The spaces have to continue supporting these discourses but artists have to be on the forefront. To stop allowing institutions to treat us like babies. Case study - I get an email on Monday. Then a text on Tuesday. Then someone has to literally pull me from my studio at 20 past two on Wednesday for an engagement that was supposed to start at two pm Wednesday. Someone has to force me participate. For my benefit. But if alcohol and nyama choma is involved, I set a reminder on every blank space I got. No comment!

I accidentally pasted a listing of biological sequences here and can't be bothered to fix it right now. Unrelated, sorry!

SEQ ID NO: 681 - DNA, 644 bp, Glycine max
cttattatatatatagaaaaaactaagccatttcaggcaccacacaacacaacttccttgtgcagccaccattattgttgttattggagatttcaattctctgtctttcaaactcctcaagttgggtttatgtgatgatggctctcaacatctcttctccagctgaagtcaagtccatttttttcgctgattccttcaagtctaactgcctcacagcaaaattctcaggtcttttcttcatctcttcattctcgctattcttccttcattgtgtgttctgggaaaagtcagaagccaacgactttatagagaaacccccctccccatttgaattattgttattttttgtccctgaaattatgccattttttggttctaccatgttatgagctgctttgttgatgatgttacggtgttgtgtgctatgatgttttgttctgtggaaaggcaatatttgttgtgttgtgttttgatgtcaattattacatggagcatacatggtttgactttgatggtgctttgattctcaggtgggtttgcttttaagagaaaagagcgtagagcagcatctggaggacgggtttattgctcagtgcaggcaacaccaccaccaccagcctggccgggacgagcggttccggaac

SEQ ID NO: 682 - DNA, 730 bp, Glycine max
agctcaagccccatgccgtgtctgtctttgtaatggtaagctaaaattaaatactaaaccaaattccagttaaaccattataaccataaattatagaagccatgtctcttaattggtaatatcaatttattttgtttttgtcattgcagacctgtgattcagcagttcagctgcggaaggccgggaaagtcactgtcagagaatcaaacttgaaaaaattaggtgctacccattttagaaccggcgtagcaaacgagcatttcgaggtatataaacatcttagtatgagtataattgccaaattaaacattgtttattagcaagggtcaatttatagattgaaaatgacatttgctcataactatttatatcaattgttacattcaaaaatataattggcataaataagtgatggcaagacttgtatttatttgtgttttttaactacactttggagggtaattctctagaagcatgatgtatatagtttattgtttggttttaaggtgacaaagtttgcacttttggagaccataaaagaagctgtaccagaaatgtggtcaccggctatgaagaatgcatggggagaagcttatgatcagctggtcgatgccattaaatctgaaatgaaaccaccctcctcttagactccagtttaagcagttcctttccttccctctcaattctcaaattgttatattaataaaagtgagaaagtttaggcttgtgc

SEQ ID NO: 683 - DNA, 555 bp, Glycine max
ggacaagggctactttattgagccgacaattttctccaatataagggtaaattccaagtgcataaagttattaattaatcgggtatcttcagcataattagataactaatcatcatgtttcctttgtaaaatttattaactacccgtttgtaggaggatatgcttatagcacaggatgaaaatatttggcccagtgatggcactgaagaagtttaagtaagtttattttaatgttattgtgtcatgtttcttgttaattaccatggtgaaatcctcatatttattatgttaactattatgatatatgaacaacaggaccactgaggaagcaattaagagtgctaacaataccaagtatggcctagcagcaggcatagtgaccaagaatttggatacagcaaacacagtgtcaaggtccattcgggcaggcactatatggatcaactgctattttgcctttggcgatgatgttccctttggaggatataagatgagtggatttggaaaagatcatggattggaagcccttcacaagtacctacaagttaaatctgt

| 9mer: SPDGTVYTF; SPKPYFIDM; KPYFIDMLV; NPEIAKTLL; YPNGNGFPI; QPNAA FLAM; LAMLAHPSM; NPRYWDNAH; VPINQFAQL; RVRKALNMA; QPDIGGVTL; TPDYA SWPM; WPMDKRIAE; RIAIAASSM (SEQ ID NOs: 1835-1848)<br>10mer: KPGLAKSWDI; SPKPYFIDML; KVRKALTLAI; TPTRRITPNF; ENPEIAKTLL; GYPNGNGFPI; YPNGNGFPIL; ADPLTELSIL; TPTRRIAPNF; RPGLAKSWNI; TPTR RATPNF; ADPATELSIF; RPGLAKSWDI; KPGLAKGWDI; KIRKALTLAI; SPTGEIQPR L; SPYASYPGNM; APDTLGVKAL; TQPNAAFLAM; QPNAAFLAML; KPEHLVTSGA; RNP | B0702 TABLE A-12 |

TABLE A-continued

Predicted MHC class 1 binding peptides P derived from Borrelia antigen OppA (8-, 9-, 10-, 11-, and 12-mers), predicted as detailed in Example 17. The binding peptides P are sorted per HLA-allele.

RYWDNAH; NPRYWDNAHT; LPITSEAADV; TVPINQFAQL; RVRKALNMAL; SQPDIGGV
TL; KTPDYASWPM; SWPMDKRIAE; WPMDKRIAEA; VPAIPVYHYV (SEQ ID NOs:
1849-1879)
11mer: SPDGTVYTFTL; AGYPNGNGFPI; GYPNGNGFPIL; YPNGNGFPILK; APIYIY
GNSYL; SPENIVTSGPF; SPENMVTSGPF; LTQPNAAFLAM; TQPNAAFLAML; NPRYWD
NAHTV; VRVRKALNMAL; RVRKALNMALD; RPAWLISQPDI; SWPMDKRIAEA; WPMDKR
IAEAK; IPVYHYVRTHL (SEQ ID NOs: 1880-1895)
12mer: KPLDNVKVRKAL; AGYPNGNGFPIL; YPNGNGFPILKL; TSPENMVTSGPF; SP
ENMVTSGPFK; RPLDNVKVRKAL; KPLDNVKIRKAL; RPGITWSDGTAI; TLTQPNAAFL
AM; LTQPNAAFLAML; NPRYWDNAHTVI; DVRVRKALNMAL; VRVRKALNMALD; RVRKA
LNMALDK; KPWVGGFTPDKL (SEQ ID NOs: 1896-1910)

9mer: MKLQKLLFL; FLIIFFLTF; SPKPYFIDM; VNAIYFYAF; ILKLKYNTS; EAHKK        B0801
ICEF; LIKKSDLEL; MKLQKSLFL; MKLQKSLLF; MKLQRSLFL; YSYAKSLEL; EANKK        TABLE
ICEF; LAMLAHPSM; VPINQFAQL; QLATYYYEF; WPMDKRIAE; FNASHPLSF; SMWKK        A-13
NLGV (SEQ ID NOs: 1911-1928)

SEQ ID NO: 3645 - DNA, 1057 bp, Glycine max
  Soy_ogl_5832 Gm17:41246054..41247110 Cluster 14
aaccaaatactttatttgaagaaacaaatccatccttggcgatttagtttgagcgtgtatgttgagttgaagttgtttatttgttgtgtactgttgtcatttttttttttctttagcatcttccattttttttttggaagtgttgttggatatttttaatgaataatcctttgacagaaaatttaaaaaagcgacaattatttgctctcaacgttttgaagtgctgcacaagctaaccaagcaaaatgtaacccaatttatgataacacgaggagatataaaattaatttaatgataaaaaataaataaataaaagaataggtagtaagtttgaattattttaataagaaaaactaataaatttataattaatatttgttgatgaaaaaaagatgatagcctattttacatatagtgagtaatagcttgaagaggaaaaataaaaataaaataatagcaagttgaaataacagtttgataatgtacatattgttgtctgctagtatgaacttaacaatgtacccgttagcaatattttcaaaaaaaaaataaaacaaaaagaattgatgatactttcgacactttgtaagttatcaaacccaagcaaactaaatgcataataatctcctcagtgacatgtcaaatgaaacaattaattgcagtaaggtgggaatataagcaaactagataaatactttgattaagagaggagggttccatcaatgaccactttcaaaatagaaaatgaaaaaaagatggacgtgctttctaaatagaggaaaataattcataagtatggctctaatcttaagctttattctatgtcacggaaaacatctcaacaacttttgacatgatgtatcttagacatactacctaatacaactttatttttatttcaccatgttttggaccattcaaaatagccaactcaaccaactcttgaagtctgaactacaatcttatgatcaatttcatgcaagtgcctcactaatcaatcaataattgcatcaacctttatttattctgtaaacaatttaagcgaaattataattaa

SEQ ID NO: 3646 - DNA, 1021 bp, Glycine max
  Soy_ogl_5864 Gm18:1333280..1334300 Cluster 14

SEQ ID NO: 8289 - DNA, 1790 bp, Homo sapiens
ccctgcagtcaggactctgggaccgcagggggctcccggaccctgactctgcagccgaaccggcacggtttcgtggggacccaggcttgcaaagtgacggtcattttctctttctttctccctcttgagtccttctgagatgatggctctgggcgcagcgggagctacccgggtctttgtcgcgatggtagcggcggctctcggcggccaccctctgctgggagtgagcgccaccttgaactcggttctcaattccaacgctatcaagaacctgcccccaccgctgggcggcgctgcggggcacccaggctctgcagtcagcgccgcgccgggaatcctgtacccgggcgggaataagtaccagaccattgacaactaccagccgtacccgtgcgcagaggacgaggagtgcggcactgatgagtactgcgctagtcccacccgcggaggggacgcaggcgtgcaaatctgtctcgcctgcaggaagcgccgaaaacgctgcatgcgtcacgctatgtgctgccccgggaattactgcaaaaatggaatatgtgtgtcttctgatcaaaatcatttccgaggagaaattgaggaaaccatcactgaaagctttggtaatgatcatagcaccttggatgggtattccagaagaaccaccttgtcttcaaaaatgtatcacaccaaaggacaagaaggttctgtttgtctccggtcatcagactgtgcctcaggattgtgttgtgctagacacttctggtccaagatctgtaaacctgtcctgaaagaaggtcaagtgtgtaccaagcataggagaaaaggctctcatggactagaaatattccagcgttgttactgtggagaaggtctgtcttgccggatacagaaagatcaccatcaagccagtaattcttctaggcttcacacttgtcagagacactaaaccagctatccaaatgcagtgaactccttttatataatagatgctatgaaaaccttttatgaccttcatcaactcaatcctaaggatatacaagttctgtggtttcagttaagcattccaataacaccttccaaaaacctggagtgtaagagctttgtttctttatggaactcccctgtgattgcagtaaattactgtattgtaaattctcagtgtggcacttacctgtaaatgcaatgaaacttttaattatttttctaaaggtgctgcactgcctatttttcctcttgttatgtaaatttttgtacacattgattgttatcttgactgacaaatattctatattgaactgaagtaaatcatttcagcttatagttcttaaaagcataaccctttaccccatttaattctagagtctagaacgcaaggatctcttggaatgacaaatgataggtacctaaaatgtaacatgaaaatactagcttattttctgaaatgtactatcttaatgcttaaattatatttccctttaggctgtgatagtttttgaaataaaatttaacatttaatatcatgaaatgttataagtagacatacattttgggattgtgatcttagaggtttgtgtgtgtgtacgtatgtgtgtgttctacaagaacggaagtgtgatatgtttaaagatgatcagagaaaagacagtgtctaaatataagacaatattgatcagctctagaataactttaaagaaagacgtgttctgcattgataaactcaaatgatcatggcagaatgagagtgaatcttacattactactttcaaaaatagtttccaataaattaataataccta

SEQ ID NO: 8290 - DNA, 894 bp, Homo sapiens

Those activities called artist mentorships ought to be made compulsory - by someone who’s not me -and should probably include more diverse aspects. Not just art theories and philosophies, but maybe health. Finance. Psychology. Honestly, folks need help. And it’s not in subsidized studios or shuttles to events five minutes away. Or artworks being exhibited in shopping mall atriums. Serious help to change attitudes. And lifestyles… long story for another day!

Artists should ditch this ‘self taught’ tag and claim their stake at the table to engage their peers. It’s only then that we shall boost our knowledge and confidence. There is no harm in acknowledging that you don’t know. That you don’t understand. That’s the beginning of the long journey called learning… after all, I don’t even know what am writing about. And I’m not ashamed of saying it. Tukuwe Serious.

3 comments: